Gamasutra: The Art & Business of Making Gamesspacer
View All     RSS
September 30, 2014
arrowPress Releases
September 30, 2014
PR Newswire
View All





If you enjoy reading this site, you might also want to check out these UBM Tech sites:


Big changes coming to  Forza  economy based on fan feedback
Big changes coming to Forza economy based on fan feedback
December 13, 2013 | By Alex Wawro

December 13, 2013 | By Alex Wawro
Comments
    5 comments
More: Console/PC, Business/Marketing



Turn 10 Studios announced today that they've listened to feedback from the Forza community and will be implementing dramatic changes to the in-game economy.

Though players will still have the option of paying real money for in-game rewards like cars or experience boosters -- a microtransaction system similar to many free-to-play games -- the Forza Motorsport 5 economy is being tweaked to make it easier for players to unlock rewards without paying real money.

"We’re making some significant changes to the Forza Motorsport 5 economy, based on player behavior we’ve seen in game as well as feedback we’ve received from the Forza community," Turn 10 Community Manager Brian Ekberg told Microsoft's Jeff Rubenstein as part of a Q&A posted on Microsoft's Major Nelson blog. "With this content update, we are dramatically increasing the rate at which credits are earned in the game."

The next content update for Forza Motorsport 5 will also include a few gameplay tweaks, upgraded support for force feedback racing wheels, and two new gameplay modes: multiplayer-only "Tag" and drag racing.

In addition to increasing the speed at which players earn credits, Turn 10 is expected to lower the price of the game's best -- and most expensive -- cars. Ekberg told Rubenstein that "even the most exclusive cars in the game are now within reach of all Forza Motorsport 5 players," as long as those players are playing regularly enough to take advantage of the Forza Rewards program.

The program, err, rewards players for continuing to play long after the game has launched, which seems like a good way to discourage them from selling the game used. Participants earn monthly rewards commensurate with their "Tier" ranking, which is based on how much time one spends playing Forza games.

These changes come in the wake of vociferous complaints from Forza players about Turn 10's decision to implement microtransactions in a game that costs $60.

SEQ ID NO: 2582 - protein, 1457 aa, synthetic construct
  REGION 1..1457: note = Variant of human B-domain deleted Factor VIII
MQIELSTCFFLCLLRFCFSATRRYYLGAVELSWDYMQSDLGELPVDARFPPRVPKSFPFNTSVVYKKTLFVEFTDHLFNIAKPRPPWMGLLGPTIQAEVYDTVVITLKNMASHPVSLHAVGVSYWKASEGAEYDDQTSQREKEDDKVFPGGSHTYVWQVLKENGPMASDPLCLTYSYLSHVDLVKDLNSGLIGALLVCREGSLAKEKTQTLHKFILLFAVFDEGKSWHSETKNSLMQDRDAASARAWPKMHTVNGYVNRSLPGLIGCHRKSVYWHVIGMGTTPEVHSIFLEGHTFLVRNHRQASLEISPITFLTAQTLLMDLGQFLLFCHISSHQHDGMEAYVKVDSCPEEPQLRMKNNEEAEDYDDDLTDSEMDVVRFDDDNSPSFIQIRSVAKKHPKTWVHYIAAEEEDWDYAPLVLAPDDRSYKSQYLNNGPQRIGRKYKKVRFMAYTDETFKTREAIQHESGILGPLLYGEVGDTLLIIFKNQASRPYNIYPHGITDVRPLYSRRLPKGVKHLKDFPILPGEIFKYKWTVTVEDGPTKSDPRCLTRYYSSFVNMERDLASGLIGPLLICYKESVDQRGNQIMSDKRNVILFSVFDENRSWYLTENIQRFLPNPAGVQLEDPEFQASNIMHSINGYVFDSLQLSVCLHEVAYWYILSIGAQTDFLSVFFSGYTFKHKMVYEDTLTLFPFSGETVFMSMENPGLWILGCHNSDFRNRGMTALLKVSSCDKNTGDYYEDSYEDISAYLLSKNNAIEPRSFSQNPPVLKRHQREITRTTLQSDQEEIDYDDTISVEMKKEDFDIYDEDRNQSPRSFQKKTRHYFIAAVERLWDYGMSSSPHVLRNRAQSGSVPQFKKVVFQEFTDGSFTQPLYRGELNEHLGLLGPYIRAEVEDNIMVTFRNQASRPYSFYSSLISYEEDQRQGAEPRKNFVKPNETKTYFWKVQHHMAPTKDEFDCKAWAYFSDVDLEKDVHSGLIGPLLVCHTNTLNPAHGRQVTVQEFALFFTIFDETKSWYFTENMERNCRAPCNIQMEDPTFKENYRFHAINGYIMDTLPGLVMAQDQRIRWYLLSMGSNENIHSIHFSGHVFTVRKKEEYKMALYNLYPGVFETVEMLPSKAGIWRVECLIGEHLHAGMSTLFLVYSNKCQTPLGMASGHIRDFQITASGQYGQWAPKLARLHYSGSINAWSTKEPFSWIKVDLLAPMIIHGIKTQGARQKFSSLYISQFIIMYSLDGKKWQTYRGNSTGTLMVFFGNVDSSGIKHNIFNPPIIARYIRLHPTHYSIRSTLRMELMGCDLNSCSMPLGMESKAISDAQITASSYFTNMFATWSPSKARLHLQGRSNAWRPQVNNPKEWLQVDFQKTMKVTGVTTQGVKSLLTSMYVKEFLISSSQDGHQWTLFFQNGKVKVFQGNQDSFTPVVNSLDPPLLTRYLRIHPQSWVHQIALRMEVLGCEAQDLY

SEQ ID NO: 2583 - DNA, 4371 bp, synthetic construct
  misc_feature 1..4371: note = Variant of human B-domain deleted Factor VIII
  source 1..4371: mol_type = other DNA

Related Jobs

DoubleDown Interactive
DoubleDown Interactive — Seattle, Washington, United States
[09.30.14]

Principal Game Designer
Cryptic Studios
Cryptic Studios — Los Gatos, California, United States
[09.30.14]

Senior Client Engineer
DoubleDown Interactive
DoubleDown Interactive — Seattle, Washington, United States
[09.30.14]

Senior Product Manager
Cloud Imperium Games
Cloud Imperium Games — Santa Monica, California, United States
[09.30.14]

Marketing Director










Comments


Kyle Redd
profile image
These seem less like "dramatic changes" and more like slight tweaks to me - just enough to quiet the public criticism while still wholeheartedly embracing a microtransaction-based game economy.

Nick Harris
profile image
I don't understand all the fuss.

This is no different from two people owning train sets. A child has a simple starter one bought for them, but plays with other toys as well. An adult has an extensive model train set running in their attic which has taken them years to refine and cost thousands, the excuse being that it is their sole hobby.

I've spent roughly £100 on this game, so far: £60 on the Steelbook edition because I wanted the RUF Yellowbird and an additional £40 in car tokens for all the cars I was interested in getting when they had them at half-price. Should Turn 10 have the good sense to bring out some extra city tracks, or the epic Nordschleife, I would happily buy them. I wouldn't characterize myself as a wealthy hobbyist, just someone who plans to be more selective with the AAA games they buy this generation.

Rob Graeber
profile image
The question is how much does more content did the new version have vs previous versions, otherwise people get offended they're getting less (content) for more ($$).

G Irish
profile image
The fuss is because:

A. The microtransaction cost is up to 1000% higher than it was in Forza 4
B. The credit payouts were far lower in Forza 5 than they were in Forza 4.
C. Forza 5 has half the cars and almost half the tracks of Forza 4
D. In Forza 5 there's no auction house, no gifting cars, no car clubs, no selling cars back for money

You put all of those things together and it's easy for players to think that they were getting a raw deal and that the game was designed to force you into microtransactions.

Steven Christian
profile image
Also, when support for the game drops, will you still have all of the same features that you paid for?
Will you still be able to play online?

When trains go out of production, the model railways don't stop working ;)


none
 
Comment: